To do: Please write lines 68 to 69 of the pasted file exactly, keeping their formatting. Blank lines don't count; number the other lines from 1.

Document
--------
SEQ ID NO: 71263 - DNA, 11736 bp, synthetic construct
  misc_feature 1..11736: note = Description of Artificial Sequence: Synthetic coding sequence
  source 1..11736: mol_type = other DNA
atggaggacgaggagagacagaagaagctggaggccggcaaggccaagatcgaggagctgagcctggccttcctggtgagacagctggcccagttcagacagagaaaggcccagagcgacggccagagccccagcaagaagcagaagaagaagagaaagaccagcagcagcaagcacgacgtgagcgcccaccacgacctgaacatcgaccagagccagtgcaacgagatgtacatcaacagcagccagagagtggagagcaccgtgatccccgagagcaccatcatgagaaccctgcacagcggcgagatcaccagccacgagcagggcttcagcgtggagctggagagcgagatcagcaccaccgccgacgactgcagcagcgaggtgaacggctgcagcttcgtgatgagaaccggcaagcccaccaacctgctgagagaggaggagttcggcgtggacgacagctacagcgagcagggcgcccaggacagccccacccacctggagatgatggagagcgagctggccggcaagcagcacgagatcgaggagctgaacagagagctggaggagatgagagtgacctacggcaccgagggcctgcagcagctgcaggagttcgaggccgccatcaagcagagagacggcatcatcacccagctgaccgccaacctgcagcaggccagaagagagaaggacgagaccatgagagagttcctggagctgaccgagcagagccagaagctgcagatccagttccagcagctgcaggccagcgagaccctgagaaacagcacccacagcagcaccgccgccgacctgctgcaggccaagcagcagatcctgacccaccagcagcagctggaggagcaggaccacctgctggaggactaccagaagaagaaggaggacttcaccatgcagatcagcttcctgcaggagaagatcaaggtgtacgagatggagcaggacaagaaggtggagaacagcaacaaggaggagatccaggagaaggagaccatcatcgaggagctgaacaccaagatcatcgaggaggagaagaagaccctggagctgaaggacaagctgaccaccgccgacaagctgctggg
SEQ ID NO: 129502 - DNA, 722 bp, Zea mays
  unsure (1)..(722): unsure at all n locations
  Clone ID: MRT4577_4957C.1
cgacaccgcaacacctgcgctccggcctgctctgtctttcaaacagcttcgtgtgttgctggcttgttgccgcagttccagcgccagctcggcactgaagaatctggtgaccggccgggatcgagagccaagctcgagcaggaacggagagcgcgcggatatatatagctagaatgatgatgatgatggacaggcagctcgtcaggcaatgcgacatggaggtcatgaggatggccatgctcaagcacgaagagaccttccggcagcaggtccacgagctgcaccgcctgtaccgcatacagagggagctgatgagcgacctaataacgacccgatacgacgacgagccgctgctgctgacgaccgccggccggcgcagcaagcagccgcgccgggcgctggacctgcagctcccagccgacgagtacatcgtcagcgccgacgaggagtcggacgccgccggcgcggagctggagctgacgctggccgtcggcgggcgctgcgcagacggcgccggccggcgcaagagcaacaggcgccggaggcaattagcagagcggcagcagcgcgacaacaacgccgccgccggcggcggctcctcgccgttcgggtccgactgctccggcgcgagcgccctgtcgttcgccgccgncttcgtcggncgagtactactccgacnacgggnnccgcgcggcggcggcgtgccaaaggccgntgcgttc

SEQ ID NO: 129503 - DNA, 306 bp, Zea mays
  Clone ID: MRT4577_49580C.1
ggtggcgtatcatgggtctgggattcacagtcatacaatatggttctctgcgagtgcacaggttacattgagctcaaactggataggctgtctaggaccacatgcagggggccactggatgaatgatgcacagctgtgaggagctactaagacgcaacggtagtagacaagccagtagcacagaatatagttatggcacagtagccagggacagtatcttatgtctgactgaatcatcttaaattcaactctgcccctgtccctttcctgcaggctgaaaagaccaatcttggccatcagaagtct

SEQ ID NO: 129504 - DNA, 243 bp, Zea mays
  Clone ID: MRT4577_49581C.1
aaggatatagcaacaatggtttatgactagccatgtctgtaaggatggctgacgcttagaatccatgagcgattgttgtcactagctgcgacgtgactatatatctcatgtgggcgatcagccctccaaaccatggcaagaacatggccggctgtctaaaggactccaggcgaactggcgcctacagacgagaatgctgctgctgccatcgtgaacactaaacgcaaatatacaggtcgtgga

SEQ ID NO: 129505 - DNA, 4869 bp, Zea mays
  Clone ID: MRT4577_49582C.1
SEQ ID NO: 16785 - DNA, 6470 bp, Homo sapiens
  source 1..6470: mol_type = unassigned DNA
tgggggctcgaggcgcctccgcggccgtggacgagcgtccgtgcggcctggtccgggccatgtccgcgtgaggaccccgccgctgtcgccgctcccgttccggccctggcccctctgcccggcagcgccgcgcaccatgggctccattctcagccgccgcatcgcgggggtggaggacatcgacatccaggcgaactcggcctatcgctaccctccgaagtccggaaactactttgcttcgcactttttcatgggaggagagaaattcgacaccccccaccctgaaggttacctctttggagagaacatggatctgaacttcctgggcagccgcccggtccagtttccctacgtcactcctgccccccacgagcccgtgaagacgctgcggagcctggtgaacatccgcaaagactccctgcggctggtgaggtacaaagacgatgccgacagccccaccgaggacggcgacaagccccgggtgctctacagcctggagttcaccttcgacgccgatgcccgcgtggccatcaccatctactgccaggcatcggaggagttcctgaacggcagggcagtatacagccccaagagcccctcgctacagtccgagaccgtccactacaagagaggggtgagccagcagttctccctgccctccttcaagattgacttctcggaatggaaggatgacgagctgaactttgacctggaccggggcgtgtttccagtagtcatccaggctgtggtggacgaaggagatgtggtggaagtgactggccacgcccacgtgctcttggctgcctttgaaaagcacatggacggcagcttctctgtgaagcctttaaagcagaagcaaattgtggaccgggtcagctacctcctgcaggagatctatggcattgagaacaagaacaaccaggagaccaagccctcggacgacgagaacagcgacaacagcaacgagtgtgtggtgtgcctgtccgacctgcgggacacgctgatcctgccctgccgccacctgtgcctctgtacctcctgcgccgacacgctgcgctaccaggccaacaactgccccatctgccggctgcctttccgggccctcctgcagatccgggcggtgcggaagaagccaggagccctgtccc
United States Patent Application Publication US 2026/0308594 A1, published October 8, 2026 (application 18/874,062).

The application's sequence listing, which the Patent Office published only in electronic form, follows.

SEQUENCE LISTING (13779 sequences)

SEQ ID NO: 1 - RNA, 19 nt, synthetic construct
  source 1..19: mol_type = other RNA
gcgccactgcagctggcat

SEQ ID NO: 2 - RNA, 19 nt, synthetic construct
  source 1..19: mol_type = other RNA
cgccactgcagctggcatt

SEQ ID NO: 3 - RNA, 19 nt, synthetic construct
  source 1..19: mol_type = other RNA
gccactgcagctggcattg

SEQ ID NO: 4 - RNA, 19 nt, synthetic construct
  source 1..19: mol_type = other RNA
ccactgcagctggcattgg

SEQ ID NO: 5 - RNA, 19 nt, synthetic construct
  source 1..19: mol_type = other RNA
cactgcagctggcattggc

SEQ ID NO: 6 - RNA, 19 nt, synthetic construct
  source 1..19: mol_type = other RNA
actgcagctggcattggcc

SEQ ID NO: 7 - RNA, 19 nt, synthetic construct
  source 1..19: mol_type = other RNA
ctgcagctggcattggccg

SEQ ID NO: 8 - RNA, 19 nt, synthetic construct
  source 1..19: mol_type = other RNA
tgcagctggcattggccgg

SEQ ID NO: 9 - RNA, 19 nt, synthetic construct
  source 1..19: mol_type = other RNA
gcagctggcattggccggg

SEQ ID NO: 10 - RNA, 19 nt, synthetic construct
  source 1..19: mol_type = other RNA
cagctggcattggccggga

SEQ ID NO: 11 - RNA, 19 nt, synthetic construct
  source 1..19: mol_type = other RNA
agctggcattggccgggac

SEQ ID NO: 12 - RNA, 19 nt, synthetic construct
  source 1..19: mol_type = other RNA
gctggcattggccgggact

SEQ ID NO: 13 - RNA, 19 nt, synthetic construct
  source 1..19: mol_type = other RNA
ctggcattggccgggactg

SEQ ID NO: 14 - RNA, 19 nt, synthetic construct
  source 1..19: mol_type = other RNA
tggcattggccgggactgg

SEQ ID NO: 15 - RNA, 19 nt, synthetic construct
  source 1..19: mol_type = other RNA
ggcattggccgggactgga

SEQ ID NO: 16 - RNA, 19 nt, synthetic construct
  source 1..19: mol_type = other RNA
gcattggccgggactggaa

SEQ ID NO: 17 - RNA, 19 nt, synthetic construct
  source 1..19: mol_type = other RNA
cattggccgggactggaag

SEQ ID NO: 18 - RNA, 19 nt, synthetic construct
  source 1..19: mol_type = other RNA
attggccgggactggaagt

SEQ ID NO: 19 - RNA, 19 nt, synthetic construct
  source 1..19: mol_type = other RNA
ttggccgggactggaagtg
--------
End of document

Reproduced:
SEQ ID NO: 16 - RNA, 19 nt, synthetic construct
  source 1..19: mol_type = other RNA